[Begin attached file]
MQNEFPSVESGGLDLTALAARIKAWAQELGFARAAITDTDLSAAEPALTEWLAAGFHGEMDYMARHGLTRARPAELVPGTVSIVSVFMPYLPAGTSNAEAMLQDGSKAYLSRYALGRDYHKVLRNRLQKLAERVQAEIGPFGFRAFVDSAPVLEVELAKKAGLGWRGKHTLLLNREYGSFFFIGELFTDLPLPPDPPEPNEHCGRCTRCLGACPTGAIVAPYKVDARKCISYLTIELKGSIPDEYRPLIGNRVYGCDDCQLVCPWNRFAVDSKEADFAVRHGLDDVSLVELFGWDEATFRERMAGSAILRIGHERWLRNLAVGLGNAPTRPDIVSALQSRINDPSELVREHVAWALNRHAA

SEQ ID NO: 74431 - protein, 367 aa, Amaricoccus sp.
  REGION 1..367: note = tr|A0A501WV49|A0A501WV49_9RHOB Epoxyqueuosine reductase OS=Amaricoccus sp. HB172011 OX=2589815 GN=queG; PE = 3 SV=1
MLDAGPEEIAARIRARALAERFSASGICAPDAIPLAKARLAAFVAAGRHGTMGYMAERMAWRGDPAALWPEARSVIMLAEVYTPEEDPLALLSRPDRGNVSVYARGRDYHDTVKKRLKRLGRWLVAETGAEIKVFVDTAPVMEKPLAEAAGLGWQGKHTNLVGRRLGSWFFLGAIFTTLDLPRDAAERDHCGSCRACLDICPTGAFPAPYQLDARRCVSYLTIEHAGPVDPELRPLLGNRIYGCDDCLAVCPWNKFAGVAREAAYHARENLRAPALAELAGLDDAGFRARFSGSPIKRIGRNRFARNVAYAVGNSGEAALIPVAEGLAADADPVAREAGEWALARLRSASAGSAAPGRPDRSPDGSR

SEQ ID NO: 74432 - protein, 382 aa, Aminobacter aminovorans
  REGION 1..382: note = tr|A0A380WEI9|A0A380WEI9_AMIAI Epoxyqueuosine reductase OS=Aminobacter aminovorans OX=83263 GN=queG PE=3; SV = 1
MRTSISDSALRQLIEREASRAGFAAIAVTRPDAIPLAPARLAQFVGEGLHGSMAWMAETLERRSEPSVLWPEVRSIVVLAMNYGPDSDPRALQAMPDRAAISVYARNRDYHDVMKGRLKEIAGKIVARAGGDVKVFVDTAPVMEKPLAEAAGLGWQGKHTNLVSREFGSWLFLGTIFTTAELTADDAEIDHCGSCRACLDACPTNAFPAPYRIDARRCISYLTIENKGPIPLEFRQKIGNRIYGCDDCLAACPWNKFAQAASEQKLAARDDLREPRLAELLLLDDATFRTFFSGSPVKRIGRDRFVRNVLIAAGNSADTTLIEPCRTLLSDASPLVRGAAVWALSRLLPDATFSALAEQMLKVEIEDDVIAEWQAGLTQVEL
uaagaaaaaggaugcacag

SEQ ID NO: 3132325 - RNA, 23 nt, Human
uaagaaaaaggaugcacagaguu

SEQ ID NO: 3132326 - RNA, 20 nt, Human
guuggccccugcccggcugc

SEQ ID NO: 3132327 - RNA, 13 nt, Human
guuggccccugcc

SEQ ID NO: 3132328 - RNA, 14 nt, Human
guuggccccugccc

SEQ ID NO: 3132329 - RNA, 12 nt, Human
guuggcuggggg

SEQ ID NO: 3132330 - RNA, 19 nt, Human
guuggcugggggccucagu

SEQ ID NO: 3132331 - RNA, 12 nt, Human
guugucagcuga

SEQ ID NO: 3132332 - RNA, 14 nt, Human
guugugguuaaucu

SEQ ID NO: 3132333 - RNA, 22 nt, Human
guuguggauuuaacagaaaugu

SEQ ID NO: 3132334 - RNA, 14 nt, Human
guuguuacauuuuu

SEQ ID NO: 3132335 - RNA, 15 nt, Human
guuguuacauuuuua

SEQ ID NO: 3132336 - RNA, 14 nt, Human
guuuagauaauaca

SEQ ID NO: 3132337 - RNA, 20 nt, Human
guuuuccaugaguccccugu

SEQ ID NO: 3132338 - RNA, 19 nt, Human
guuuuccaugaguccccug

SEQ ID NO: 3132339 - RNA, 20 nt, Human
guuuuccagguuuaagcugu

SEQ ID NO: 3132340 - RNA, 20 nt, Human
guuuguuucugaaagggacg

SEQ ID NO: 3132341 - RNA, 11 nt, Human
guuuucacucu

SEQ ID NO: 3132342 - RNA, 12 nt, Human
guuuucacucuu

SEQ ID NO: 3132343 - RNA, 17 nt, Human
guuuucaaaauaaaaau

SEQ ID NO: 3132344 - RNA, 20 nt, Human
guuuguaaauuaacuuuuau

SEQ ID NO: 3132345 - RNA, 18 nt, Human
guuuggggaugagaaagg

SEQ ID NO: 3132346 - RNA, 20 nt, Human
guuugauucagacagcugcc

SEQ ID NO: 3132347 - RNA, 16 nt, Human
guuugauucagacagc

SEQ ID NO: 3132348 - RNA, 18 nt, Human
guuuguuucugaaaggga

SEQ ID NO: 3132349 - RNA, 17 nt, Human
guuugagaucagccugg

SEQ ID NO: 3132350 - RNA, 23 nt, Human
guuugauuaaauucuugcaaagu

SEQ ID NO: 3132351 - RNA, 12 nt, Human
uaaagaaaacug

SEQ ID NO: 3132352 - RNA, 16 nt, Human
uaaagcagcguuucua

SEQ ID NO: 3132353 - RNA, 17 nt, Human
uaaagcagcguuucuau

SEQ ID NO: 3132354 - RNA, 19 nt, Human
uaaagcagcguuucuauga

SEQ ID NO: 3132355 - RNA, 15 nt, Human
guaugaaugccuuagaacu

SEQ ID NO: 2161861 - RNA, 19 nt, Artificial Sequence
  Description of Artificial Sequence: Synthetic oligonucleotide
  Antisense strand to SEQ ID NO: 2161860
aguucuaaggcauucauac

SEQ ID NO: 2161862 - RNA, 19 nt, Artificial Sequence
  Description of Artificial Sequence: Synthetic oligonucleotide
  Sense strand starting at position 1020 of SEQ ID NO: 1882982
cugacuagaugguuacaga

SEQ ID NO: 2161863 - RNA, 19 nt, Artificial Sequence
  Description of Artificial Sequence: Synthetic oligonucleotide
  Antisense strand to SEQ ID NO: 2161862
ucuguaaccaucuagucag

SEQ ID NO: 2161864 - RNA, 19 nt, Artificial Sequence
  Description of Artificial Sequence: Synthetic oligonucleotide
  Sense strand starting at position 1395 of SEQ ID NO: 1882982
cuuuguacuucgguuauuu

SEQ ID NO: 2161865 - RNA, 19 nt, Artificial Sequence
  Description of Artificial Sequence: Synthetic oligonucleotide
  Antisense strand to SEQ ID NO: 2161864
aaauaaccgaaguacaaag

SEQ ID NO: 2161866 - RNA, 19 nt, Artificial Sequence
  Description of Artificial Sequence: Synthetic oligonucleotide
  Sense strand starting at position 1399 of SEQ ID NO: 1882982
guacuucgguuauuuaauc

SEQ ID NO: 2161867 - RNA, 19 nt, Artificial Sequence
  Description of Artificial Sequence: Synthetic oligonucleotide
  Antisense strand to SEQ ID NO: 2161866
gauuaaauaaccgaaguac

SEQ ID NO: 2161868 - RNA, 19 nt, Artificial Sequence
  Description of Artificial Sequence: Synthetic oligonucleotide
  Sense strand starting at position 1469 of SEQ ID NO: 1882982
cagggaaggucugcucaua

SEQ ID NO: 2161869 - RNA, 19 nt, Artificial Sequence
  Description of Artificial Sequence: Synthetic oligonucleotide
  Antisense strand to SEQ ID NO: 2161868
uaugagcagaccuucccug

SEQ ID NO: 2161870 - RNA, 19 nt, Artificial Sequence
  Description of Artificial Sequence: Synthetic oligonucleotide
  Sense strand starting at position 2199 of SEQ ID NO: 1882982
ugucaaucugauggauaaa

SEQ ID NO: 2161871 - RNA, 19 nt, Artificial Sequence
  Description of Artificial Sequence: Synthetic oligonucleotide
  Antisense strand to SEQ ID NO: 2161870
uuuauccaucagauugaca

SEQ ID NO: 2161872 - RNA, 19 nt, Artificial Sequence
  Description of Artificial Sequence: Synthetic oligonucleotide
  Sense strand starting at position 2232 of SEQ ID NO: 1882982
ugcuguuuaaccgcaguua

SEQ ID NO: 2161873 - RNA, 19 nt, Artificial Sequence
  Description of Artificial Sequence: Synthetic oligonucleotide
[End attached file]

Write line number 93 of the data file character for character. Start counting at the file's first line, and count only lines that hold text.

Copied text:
  Sense strand starting at position 1399 of SEQ ID NO: 1882982